Delightful High Resolution Displays
At one time the atom was thought to be the smallest particle in existence; the smallest building block on which all matter is built. In screen based design the pixel is our smallest building block.
But times change; in physics we have discovered numerous sub-atomic particles and in screen design pixel densities have increased where the pixels sizes we define in CSS no longer equate to the pixels on a screen.
The first popularised high pixel density (HiDPI) display was found on the Apple iPhone 4. It doubled the pixel density over its predecessor providing a new level of clarity; or at least it does for vector graphics.
Vector vs Bitmap
Vector graphics, like icons or even fonts, contain all the necessary information about an image to allow it to become whatever size a designer or device needs it to be. A vector image only loses quality when its size becomes too small to be well represented on a screen.
Bitmap images, like those taken with a camera, only know what colour each pixel should be. If a bitmap image is scaled down a computer removes pixels and there’s a loss of quality. If it’s scaled up the computer takes its best guess at filling in the gaps but normally doesn’t do so well and the image comes out blurred.
Designers are perfectionists and don’t like creating designs where the quality is anything less than 100%; blurred images simply won’t do.
For some of our previous websites, including the current Bronco design, we’ve implemented processes to duplicate images for HiDPI devices. This involves creating a larger version of the same image and using CSS to show these on HiDPI devices. It’s a time consuming and costly process so is often limited to a small set of images.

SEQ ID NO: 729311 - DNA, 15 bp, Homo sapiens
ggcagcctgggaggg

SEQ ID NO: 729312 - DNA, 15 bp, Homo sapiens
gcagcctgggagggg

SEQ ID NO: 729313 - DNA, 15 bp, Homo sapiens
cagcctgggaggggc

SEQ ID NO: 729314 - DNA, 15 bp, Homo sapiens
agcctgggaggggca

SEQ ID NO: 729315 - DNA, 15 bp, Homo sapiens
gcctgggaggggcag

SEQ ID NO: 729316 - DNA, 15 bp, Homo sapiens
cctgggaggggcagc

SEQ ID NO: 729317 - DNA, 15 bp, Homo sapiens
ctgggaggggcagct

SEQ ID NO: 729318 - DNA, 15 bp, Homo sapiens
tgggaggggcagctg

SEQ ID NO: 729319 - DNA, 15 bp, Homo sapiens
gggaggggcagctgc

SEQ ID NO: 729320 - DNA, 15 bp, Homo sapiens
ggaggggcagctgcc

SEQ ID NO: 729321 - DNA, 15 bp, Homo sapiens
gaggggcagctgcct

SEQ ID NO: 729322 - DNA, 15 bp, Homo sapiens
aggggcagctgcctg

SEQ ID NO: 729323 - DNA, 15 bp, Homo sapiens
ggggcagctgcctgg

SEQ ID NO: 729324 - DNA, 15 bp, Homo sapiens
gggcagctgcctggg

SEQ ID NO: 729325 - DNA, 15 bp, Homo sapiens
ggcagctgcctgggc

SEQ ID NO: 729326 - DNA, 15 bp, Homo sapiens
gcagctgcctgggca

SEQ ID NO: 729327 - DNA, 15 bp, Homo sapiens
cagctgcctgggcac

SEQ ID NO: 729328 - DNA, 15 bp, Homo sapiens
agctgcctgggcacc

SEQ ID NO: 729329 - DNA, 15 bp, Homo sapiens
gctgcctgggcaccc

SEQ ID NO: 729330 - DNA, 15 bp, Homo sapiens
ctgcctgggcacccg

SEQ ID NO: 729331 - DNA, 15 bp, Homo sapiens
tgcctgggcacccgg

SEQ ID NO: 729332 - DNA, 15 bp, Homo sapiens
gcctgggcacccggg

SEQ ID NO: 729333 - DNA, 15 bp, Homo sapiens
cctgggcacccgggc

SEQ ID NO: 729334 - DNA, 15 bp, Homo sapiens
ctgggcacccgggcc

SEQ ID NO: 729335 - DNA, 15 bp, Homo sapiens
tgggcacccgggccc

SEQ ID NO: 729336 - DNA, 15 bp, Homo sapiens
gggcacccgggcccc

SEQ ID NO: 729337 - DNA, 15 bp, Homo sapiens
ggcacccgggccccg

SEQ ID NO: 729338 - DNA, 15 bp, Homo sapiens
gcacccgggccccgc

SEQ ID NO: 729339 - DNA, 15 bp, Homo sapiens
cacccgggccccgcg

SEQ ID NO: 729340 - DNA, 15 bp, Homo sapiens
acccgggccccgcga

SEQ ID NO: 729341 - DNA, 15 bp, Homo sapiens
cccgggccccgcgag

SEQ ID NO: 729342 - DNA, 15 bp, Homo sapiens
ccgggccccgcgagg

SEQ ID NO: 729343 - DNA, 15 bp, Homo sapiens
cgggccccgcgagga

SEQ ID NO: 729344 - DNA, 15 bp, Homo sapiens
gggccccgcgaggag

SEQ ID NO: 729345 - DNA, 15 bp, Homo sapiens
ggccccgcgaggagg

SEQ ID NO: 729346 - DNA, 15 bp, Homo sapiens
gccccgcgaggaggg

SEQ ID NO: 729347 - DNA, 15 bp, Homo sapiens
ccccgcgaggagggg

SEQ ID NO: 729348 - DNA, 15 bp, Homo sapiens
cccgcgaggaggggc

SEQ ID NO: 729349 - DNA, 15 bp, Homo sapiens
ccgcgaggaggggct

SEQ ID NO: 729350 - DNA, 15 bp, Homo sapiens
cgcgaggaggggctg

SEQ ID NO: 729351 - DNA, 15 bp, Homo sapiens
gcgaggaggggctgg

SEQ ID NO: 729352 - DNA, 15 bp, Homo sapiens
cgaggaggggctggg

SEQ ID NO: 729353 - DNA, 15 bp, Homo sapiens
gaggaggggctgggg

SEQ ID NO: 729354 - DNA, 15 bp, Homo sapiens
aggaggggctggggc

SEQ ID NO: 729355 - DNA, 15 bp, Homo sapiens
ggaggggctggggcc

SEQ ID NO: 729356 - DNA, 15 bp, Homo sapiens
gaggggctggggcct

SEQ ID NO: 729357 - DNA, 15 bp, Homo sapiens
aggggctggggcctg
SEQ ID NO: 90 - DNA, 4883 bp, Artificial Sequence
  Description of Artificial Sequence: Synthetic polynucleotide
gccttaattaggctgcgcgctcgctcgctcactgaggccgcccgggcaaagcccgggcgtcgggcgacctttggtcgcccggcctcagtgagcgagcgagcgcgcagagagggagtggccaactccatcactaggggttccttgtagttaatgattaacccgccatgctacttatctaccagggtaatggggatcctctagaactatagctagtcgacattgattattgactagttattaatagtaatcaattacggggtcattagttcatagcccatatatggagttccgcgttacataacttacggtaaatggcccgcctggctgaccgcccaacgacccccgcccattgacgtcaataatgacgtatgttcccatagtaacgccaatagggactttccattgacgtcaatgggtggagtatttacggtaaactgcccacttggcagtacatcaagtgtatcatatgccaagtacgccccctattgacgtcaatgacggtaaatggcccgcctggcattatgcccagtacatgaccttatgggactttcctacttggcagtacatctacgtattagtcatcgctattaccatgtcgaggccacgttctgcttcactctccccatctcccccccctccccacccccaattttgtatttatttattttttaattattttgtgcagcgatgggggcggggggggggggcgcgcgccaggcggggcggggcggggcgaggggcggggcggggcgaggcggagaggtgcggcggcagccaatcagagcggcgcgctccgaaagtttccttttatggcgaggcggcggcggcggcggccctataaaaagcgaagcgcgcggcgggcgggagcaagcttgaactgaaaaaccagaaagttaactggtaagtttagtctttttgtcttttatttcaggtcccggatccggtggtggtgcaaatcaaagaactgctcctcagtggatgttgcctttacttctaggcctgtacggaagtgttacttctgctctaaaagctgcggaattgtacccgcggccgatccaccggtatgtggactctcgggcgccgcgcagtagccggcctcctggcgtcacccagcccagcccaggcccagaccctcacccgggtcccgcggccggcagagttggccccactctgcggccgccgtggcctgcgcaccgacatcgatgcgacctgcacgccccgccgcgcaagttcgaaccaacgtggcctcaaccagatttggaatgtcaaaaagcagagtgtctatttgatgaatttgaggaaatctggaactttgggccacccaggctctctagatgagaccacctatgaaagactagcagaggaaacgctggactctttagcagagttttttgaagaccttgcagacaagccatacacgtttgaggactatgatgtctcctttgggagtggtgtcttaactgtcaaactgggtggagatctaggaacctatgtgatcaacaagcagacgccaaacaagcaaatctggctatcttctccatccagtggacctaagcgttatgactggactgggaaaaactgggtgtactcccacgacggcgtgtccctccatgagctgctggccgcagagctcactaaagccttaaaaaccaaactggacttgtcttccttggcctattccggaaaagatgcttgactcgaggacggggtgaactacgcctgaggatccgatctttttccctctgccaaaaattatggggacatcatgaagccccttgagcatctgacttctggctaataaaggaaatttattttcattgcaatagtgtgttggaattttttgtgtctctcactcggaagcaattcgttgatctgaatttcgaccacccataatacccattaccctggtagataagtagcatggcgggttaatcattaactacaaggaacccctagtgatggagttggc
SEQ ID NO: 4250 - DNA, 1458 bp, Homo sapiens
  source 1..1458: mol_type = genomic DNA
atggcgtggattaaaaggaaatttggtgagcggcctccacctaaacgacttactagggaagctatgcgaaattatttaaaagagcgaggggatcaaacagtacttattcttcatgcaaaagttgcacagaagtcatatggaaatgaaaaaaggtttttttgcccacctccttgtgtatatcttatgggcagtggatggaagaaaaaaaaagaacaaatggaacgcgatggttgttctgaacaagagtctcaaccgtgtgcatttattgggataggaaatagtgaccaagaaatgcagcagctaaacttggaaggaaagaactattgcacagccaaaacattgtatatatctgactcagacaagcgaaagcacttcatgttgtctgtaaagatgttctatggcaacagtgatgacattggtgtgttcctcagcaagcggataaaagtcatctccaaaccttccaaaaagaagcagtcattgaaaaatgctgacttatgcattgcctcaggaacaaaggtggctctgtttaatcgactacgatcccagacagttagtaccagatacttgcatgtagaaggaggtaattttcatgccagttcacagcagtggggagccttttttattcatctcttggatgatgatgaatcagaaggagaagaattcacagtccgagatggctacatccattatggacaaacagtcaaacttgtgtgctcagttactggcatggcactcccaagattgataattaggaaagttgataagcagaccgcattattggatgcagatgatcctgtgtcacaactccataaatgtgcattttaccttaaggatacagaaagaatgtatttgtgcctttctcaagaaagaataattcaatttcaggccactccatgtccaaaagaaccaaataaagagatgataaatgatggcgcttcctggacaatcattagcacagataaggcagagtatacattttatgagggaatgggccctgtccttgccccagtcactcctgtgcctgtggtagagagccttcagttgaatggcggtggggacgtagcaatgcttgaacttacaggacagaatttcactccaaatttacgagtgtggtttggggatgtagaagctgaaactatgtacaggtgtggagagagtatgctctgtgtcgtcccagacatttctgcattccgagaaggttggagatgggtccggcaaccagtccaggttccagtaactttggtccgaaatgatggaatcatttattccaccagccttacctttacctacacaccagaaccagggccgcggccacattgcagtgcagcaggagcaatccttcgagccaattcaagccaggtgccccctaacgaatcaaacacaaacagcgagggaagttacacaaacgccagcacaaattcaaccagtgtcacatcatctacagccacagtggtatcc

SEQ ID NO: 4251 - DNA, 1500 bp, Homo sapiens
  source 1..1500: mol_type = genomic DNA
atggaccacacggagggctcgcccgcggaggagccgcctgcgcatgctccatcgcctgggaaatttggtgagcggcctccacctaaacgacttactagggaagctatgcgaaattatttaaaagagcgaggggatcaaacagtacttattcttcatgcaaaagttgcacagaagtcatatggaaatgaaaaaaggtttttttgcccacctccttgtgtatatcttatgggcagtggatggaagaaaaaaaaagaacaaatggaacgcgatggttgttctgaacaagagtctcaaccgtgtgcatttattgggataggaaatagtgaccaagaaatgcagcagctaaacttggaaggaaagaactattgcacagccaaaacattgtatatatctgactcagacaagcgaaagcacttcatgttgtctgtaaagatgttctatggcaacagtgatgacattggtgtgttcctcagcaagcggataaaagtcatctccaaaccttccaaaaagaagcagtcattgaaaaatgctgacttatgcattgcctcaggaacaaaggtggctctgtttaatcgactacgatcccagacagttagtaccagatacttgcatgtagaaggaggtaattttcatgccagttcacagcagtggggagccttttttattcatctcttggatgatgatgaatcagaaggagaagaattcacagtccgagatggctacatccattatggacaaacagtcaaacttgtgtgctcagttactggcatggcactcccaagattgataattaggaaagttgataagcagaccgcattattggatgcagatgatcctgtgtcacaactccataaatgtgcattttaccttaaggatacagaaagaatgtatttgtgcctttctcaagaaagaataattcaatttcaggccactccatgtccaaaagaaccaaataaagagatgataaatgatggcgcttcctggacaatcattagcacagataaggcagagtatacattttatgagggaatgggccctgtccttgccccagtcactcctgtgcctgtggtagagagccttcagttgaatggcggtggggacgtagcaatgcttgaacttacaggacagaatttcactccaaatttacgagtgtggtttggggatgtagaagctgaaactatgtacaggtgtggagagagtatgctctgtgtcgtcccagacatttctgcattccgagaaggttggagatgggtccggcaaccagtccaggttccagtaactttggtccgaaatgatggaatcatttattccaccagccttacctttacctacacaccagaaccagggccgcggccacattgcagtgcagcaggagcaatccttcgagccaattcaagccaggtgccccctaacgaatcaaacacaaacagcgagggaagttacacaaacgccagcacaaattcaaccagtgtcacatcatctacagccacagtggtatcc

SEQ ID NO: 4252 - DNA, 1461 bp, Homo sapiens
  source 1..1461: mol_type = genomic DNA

For our newest website Delightful Communications we’ve implemented a new method that is slowly being adopted by the wider web community. This method not only uses vector graphics more prominently within a design but also combines these for use within a font file.
Wingdings Version 2
I’m sure most people have seen the Wingdings font on a Windows PC, even if they have never found an actual use for it. If you haven’t heard of Wingdings it’s a font that replaces letters for symbols, for example ‘U’ becomes a diamond shape.
In creating our own version of Wingdings for a website like Delightful Communications we’ve combined a set of icons that we can use with CSS and ensure our images are flexible enough for devices of differing pixel densities.
This method removes the need to duplicate an image for HiDPI displays as well as ensuring the images are future proof if any device pushes pixel densities even further. Though the images are limited by the capabilities of CSS there are still benefits to be had over keeping them as separate image files.
Before combined into a single font file each individual image is a Scalable Vector Graphic (SVG) file. As an SVG the image is not constrained by the limitations of CSS and so can appear more colourful, the Delightful Communications logo is one such example where we can define different colours for different elements within the image.
This additional control might make it seem like having the images as SVG files rather than a font would be the better implementation but it all depends on the image and how you wish to use it.
For Delightful we’ve used some of the images more than once and with different colours, to do this without the font file would require multiple SVG files. Any changes to colour would also be much more time consuming when editing an image over editing CSS.
There are also gains in performance from using a font file in a similar way as there are in using CSS Sprites. By combining multiple images together you reduce the number of HTTP requests and at times the overall page weight.
Using a font file over SVG images also ensures compatibility with a wider range of browsers with more supporting @font-face (part of implementing the font files) than SVG.
A Messy Future
The web is getting somewhat messy and that won’t change any time soon. The best in the industry are moving away from pixel measurements as we adopt Responsive Web Design techniques as well as dealing with new technologies such as HiDPI displays.
While the industry is working hard to keep up, recent advances have the potential to turn the methods we use on their head and unfortunately the right tools aren’t always to hand. Eventually the websites we produce will be flexible enough for all and the Delightful Communications website is just another little advancement along the way.